Updated: Jul 16, 2020
Today I bring you an amazing blog post by our guest blogger and guest faculty for Tap Fest, Victoria Jones! Read on to learn about her take on Identity in Tap:
One day you wake up and you decided to take tap dance. Maybe your mom made you as a child, along with ballet and jazz. Maybe you were forced to take it at your performing arts school as a part of your curriculum. Or maybe you saw a cool video once and decided to hop in on your own as a young person, and in some cases, older person. Either way, you decided to take it, continue it, and even got good in it. At this point you are now a tap dancer. You are now what you have been taught by your teacher or teachers. But then you grew up, and you decided you want to take tap to the next level. You want to become an Instructor of your own, or even better, a professional dancer. You’ve even picked up on how to improvise your own rhythms and moves. But: Who are You? What is your identity in Tap?
Identity is defined as the characteristics determining who or what a person or thing is. It is unique and one of a kind. Each and every last one of us human beings possess our own make up of DNA that is not like any other person in the world; the proof is in our fingerprints. As for a tap dancer, how can you identify yourself? Because Tap dance is a tradition that is taught and passed down through generations, it is easy to copy other people’s moves, and/or do the moves that you were taught from your teacher. But what identifies you in the dance?
For me, I personally struggled with this topic for some time now. I’ve been told to only dance like what I’ve been taught. Even though I’ve been influenced to Improvise and make my own rhythms up on the spot, I was supposed to do it certain way to gain “respect” in the tap community. As I grew in that model, I thought I was really doing something and gaining the respect I needed in the community, but, I was becoming more lost. I found myself trying to dance like others as the definition of who I was in the dance. I have also tried to switch up my style to fit more of my genre of tap dance, but I was told that it wasn’t real dancing, from people whom I’ve looked up to. How do I identify myself in tap?
Identity goes as deep as who you are as a person, not just a dancer. Who are you? Do you have faith in God? Are you an early bird or night owl? What is your personality? Are you a feminist? Are you an alpha male? Are you dominate? Are you quiet or shy? Do you have struggles with confidence? Are you bold and strong? Are you appealing and sensual? Do you have “swag”? Who you are as a person reflects how you dance. That is the way it should be, even though that is not how many people are taught. Many are taught to dance at the likes of Gregory Hines, Fred Astaire, Savion Glover, Chorus Line Girls, Dianne Walker, etc… Not discrediting any of these great individuals or groups, but dancing like them, will not help you identify who you are as a tap dancer.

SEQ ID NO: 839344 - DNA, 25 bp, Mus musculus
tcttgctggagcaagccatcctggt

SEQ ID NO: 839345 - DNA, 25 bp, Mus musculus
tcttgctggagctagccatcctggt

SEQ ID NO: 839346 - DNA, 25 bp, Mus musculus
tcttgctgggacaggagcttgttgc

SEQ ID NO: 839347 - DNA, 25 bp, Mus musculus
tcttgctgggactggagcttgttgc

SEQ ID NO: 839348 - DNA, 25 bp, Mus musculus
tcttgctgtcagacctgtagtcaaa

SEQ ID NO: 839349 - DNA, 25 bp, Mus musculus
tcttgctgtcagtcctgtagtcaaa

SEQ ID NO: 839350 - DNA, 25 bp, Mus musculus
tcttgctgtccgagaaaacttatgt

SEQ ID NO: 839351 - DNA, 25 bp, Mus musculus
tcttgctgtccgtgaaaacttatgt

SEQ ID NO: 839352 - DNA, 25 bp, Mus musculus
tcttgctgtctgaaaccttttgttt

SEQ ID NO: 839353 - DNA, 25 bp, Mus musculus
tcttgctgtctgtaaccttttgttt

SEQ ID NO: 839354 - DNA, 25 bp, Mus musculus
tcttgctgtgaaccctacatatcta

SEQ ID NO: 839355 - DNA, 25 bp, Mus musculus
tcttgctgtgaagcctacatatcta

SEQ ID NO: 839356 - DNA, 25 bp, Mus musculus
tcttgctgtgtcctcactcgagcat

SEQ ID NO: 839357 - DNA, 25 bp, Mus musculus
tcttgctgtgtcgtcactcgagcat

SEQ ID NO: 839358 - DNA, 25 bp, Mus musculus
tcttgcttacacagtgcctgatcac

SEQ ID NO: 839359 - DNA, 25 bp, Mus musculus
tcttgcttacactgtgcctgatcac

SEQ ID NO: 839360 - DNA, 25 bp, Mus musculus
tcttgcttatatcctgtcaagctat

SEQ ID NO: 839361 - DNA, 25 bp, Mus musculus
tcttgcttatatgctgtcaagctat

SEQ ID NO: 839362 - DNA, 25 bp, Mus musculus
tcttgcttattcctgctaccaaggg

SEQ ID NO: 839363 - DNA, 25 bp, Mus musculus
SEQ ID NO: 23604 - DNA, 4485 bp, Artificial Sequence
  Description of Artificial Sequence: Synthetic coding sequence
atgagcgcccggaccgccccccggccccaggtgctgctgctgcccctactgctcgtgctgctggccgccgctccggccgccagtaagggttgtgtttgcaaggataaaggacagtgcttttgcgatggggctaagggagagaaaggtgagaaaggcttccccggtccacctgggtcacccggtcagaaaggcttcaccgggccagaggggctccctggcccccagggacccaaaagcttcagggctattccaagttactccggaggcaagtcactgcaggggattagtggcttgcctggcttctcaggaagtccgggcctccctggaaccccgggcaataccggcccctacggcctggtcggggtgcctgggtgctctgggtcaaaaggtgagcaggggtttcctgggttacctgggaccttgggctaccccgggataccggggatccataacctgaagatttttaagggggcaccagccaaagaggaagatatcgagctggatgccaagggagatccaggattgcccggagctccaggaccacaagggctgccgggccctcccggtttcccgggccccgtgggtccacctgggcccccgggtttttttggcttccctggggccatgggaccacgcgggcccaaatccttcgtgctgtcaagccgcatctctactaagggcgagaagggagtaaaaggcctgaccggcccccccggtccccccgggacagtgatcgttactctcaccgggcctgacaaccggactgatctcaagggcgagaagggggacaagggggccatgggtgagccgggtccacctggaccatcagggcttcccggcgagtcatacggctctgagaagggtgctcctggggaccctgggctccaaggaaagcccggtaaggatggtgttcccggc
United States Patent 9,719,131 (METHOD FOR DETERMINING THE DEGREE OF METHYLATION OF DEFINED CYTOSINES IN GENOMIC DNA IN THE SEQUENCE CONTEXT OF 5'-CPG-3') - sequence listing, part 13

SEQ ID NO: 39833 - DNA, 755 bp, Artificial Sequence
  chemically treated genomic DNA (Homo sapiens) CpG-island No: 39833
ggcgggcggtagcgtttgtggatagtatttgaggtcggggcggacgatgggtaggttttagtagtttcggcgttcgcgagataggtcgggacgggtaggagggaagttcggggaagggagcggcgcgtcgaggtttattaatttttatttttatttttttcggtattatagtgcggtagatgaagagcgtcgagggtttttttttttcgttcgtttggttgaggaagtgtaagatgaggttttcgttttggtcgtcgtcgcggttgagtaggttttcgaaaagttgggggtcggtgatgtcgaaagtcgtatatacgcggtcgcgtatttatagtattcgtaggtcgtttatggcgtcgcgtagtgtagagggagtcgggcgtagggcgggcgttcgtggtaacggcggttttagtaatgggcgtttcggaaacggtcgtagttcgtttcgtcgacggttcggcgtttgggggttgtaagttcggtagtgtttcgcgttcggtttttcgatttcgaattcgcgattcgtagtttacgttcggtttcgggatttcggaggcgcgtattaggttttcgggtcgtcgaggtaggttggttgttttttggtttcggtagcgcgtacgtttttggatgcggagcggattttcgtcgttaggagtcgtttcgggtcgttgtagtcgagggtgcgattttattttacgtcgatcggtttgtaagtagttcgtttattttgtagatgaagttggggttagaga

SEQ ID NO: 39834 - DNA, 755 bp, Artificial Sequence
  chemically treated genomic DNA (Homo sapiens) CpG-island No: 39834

During this journey of dance, I’ve had some soul searching to do myself. How can I express myself, show my personality, pay homage to my ancestors, feel good, and look good doing the dance? More importantly, why am I dancing? Who am I dancing for?
One thing I know for sure, I have a strong faith in God, Jesus Christ, and the Holy Spirit. I’ve developed a deep relationship with my creator and that’s who I represent in my heart, mind, body and soul within. God blessed me with the gift of dancing to inspire, encourage, uplift and teach others how to gain talent and identity in it. The beauty of having a talent such as tap dance is that, no one owns it to say what you can and can not do, it is yours to do whatever you feel is best for you. It doesn’t matter what other people think about how you choose to express the art because they can not change who you are as a person. This of tap dance as a form of communication and the steps are words. With words, you can write books, novels, poems, letters, statements, ads, and the list goes on. Many of the great authors or publishers use words to tell stories, make or break laws, define cultures, and even change the world. This rule applies when it comes to tap dancing. You can take the dance where ever you want it go and not conform to what society wants you to be. When you really try to discover yourself as a person, the art will flow in a way that is unimaginable. For me, knowing that my faith is secure helped me be more confident in the way I choose to express my art.
It’s been a journey that I’m still discovering but what helps is resilience. You must not give up. No matter what your walk is, or your past, you have to remember that you will only discover who you really are by not giving up yourself and allowing anyone to strip you of your identity. As an individual, how can you express who you really are through the dance? Can you tell the world a story? Can you send a clear message? What is your position in the tap community? These are soul searching questions that have infinite answers. But the closer you are answering these questions, the closer you are at discovering your identity in Tap. Stand Out my friends.
Victoria Lorraine Jones